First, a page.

Interest rates raised anew

Lawrence Agcaoili - The Philippine Star
Interest rates raised anew
Outgoing BSP Governor Benjamin Diokno said the central bank’s Monetary Board decided to raise the overnight reverse repurchase rate to 2.50 percent from 2.25 percent.
Philstar.com / File

As expected, BSP delivers back-to-back hikes

MANILA, Philippines — The Bangko Sentral ng Pilipinas (BSP) yesterday delivered back-to-back rate hikes, raising key policy rates by 25 basis points, to fend off rising inflationary pressures.

Outgoing BSP Governor Benjamin Diokno said the central bank’s Monetary Board decided to raise the overnight reverse repurchase rate to 2.50 percent from 2.25 percent.

Likewise, the overnight deposit rate was increased by 25 basis points to two percent and the overnight lending rate to three percent.

“In deciding to raise the policy interest rate anew, the Monetary Board noted that upside risks continue to dominate the inflation outlook up to 2023, with pressures emanating from the potential impact of higher global non-oil prices, the continued shortage in domestic fish supply, as well as pending petitions for transport fare hikes due to elevated oil prices,” Diokno said.

Meanwhile, the incoming finance secretary said that the impact of a weaker-than-expected global recovery and the possible reimposition of local COVID-19 restrictions amid an uptick in infections continue to be the main downside risks to the outlook.

The central bank now expects inflation to breach the government’s two to four percent target range in 2022 and 2023 before easing back to within the target by 2024.

“At the same time, inflation expectations have continued to rise. While they remain within the target range for 2023 and 2024, elevated expectations highlight the risk of further second-round effects arising from sustained price pressures,” Diokno added.

According to Diokno, the Monetary Board believes that a follow-through increase in the policy rate enables the BSP to withdraw its stimulus measures while safeguarding macroeconomic stability amid rising global commodity prices and strong external headwinds to domestic economic growth.

The BSP started its own interest rate liftoff when it raised policy rates by 25 basis points last May 19, the first in more than three years or since November 2018.

Inflation averaged 4.1 percent and breached the two to four percent target in the first five months of the year after quickening to 5.4 percent in May from 4.9 percent due to soaring global oil and commodity prices brought about by the impact of the Russia-Ukraine war.

Diokno stressed the need for carefully coordinated efforts of other government agencies as part of a whole-of-government approach in implementing non-monetary interventions to mitigate the impact of persistent supply-side factors on inflation.

“In line with the ongoing normalization of its monetary policy settings, the BSP is prepared to take all necessary policy actions to bring inflation toward a target-consistent path over the medium term and deliver on its primary mandate of price stability,” Diokno said.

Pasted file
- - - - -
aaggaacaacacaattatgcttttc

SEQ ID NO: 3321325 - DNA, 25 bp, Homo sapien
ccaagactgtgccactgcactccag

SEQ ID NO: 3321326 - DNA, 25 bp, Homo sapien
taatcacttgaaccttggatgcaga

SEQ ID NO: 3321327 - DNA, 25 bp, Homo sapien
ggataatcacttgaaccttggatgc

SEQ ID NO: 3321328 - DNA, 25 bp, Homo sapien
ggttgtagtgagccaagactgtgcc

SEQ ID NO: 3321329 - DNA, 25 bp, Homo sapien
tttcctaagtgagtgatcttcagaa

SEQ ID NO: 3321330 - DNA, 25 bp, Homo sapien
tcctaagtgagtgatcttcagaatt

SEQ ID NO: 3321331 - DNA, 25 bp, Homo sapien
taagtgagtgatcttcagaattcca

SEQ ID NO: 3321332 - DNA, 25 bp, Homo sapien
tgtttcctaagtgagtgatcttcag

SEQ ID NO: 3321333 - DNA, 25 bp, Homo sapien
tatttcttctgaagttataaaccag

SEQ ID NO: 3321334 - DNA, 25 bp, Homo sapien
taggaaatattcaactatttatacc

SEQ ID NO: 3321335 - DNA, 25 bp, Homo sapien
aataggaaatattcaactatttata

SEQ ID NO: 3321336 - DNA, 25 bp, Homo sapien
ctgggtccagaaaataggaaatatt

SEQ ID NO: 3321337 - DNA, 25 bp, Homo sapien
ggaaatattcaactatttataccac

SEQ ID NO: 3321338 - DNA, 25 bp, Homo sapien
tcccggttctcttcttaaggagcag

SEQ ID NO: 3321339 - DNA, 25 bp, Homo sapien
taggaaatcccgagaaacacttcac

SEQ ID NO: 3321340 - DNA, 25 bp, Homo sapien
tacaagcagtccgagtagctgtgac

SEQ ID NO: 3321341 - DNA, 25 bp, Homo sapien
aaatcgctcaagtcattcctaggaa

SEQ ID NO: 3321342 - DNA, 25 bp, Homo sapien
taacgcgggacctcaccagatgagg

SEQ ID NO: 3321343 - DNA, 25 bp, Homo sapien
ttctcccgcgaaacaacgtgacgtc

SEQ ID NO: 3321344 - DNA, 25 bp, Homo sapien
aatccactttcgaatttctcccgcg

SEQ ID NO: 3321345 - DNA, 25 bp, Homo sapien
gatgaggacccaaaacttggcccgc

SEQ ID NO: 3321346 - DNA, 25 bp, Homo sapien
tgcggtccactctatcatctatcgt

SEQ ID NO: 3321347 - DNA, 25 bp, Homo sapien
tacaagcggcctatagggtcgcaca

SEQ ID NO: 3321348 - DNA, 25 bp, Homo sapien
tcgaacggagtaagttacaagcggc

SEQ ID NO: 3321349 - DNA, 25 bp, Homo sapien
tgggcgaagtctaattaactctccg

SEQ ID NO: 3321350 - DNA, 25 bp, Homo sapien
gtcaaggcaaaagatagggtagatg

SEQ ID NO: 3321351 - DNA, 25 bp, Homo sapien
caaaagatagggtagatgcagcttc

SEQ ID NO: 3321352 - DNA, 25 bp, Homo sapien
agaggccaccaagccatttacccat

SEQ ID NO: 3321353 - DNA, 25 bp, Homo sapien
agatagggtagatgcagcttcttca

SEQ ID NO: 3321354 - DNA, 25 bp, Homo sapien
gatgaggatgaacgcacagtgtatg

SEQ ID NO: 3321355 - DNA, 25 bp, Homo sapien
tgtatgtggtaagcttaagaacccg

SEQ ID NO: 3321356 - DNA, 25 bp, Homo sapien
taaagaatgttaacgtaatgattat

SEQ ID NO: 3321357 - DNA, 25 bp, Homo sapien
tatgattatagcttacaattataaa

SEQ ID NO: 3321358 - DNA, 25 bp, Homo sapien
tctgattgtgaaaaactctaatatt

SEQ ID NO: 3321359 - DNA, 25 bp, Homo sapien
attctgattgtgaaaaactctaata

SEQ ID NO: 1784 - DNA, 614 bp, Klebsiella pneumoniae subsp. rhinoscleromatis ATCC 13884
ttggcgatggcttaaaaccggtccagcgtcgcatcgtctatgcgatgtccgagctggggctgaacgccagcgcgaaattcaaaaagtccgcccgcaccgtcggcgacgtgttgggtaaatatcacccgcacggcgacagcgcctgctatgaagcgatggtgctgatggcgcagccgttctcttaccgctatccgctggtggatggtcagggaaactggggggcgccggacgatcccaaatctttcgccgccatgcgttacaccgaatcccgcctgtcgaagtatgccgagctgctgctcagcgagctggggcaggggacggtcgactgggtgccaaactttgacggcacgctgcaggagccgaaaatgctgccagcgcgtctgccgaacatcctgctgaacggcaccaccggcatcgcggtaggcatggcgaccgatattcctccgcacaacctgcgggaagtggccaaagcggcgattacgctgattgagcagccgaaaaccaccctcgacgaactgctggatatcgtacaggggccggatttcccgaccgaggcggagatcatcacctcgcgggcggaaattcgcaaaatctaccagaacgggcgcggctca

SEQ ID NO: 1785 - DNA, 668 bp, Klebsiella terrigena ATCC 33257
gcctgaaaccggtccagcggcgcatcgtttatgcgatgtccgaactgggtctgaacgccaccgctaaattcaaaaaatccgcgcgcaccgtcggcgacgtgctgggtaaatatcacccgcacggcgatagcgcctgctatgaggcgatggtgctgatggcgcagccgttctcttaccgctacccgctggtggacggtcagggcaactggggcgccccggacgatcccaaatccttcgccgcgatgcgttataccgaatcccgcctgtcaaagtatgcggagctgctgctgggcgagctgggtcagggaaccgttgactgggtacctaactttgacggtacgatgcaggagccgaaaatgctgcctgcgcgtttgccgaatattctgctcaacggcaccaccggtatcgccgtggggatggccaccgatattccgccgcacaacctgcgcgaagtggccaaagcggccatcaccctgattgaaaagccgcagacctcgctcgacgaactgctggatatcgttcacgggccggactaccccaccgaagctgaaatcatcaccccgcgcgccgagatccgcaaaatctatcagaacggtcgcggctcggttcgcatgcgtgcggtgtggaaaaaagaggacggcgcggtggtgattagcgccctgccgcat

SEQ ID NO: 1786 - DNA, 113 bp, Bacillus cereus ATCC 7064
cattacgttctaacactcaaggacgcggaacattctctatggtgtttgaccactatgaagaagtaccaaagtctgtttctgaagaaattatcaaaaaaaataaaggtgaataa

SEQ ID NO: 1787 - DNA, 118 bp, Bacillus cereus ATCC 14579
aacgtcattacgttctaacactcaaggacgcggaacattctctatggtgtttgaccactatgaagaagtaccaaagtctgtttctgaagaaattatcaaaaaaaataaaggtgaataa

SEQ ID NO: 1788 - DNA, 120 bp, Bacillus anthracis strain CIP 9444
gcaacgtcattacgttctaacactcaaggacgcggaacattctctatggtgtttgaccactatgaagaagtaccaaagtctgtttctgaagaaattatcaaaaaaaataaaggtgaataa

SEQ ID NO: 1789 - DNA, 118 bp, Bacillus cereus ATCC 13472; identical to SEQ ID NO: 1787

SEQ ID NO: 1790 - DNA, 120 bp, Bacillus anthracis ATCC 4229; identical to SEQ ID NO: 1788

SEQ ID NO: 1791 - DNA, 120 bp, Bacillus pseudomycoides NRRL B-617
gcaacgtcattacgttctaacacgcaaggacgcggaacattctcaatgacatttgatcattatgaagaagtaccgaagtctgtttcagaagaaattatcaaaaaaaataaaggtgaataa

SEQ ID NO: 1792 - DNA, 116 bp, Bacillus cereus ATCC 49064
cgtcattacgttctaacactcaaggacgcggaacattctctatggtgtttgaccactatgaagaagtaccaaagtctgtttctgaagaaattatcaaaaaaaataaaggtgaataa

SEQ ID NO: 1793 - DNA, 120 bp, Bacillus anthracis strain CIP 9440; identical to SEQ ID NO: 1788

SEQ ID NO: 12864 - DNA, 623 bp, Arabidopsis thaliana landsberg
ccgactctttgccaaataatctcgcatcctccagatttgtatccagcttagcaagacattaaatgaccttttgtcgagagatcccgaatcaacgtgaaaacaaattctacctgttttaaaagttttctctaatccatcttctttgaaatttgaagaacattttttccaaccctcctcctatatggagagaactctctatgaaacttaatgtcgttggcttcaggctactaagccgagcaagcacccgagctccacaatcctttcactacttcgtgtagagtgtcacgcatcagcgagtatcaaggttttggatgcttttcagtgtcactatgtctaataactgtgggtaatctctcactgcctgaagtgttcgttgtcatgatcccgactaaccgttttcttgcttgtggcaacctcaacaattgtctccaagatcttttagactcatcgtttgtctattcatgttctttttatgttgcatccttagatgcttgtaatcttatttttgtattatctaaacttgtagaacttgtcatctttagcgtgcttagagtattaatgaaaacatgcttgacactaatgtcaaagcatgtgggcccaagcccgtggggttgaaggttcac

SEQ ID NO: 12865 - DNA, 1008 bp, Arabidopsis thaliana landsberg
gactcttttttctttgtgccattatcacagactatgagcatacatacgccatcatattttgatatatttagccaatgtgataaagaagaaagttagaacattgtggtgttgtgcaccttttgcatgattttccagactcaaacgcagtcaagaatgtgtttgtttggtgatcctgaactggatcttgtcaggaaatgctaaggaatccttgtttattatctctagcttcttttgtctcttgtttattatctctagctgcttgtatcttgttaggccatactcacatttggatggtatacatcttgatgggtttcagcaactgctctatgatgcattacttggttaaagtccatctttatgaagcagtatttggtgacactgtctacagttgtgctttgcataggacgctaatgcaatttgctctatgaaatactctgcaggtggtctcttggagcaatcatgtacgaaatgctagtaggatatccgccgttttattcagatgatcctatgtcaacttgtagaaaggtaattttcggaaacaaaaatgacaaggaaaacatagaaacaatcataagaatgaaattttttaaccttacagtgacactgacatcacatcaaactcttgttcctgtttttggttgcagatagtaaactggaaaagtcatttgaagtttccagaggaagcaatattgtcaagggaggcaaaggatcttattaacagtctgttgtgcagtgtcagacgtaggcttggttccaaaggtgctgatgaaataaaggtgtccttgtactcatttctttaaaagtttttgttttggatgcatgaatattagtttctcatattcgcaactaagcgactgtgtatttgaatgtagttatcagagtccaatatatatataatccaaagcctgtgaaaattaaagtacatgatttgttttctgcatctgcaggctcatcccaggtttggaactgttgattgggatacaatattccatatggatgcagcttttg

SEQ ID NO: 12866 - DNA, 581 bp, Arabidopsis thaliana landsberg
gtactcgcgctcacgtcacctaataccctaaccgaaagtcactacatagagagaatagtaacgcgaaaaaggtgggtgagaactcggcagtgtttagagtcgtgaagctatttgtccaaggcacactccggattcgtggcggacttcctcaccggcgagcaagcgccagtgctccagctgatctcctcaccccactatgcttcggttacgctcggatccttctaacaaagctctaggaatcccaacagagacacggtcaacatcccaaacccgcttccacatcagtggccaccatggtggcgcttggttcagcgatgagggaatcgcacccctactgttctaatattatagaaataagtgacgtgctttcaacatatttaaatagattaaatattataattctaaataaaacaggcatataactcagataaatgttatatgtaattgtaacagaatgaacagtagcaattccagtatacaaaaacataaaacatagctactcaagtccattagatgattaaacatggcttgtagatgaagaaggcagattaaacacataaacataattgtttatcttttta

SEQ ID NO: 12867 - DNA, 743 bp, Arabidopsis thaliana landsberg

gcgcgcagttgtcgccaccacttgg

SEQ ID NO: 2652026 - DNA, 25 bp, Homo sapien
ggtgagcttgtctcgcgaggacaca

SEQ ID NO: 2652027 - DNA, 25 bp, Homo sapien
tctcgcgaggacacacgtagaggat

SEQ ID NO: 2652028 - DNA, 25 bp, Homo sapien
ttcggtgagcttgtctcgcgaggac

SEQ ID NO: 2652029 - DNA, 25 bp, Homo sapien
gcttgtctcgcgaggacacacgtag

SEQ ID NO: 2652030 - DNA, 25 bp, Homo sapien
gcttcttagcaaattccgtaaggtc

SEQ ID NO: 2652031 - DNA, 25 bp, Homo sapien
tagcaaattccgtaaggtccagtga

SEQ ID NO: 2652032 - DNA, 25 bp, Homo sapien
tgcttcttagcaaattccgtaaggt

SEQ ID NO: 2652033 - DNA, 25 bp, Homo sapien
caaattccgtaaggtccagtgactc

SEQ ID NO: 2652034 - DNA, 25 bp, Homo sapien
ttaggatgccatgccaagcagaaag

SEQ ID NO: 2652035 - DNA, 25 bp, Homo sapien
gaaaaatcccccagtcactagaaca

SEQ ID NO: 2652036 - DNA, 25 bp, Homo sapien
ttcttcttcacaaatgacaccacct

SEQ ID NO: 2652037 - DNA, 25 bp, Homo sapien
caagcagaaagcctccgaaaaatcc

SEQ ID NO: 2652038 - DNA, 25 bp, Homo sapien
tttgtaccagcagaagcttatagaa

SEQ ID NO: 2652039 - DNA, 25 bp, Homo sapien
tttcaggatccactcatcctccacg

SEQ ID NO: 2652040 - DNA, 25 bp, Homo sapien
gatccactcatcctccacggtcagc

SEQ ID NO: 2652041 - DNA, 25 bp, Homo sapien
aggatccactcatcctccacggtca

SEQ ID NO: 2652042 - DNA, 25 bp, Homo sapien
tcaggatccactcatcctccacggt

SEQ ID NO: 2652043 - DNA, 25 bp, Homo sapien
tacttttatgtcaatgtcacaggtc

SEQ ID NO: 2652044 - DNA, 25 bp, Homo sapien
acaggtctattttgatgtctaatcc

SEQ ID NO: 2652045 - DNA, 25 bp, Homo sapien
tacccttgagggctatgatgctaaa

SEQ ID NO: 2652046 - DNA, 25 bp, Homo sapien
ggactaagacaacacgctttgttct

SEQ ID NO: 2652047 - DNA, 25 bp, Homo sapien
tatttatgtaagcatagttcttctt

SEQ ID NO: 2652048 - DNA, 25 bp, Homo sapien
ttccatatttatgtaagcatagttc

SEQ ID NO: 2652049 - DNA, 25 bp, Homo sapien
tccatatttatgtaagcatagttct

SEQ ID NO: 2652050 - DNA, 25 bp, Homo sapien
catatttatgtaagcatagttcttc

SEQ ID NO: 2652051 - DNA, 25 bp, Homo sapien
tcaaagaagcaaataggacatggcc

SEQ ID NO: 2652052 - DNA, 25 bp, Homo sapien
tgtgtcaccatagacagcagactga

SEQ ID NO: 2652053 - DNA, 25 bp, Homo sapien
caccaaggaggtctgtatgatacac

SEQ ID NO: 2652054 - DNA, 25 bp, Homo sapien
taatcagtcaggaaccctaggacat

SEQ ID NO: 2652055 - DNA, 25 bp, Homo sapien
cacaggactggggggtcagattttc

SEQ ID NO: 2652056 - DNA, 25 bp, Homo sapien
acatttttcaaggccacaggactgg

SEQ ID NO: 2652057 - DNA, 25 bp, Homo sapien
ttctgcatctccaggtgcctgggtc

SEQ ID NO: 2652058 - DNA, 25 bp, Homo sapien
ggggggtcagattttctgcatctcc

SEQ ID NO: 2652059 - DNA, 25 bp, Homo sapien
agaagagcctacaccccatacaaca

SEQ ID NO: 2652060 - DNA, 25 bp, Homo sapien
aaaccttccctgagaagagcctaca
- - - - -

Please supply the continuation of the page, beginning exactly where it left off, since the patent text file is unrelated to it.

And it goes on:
BSP Deputy Governor Francisco Dakila Jr. said the Monetary Board further raised its inflation forecasts to five instead of 4.6 percent for 2022 and to 4.2 instead of 3.9 percent for 2023.

Dakila said inflation is seen reverting to within the target range at 3.3 percent in 2024.

“The adjustments are due largely to the following factors: higher than expected inflation outturn in May, and the latest outlook may be pointing to a high inflation number in June; also higher assumptions for oil and non-oil prices as well as the approved jeepney fare hike,” Dakila said.

The central bank is now projecting global oil prices to average $106.30 instead of $100.04 per barrel in 2022 and $95.30 instead of $89.50 for 2023.

According to Dakila, the BSP sees inflation averaging 5.6 percent in the second half of the year due to the continued rise in global commodity prices, as well as more pronounced second round effects on domestic goods and services.

“The forecast path also suggests that inflation is likely to remain above the target range until the first half of 2023 before decelerating thereafter as both global oil and non-oil prices taper off,” Dakila said.

According to Dakila, the risks to inflation are tilted to the upside for 2022 and 2023 before balancing out in 2024. Upside pressures emanate from the potential impact of higher global oil and non-oil prices, the continued shortage in fish supply, as well as additional transport fare hikes due to rising oil prices.

Rizal Commercial Banking Corp. chief economist Michael Ricafort said local policy rate hikes are still possible in the coming months amid narrowing gap between local policy rate, currently at 2.50 percent and 1.75 percent of the US Federal Reserve in view of more aggressive Fed rate hikes in the coming months.

Ricafort added that policy rate hikes in the coming months are needed to address risk of second-round inflation effects after the approved minimum wage hikes and the hike in the minimum transport fares that would lead to higher prices of other affected goods and services in the economy.



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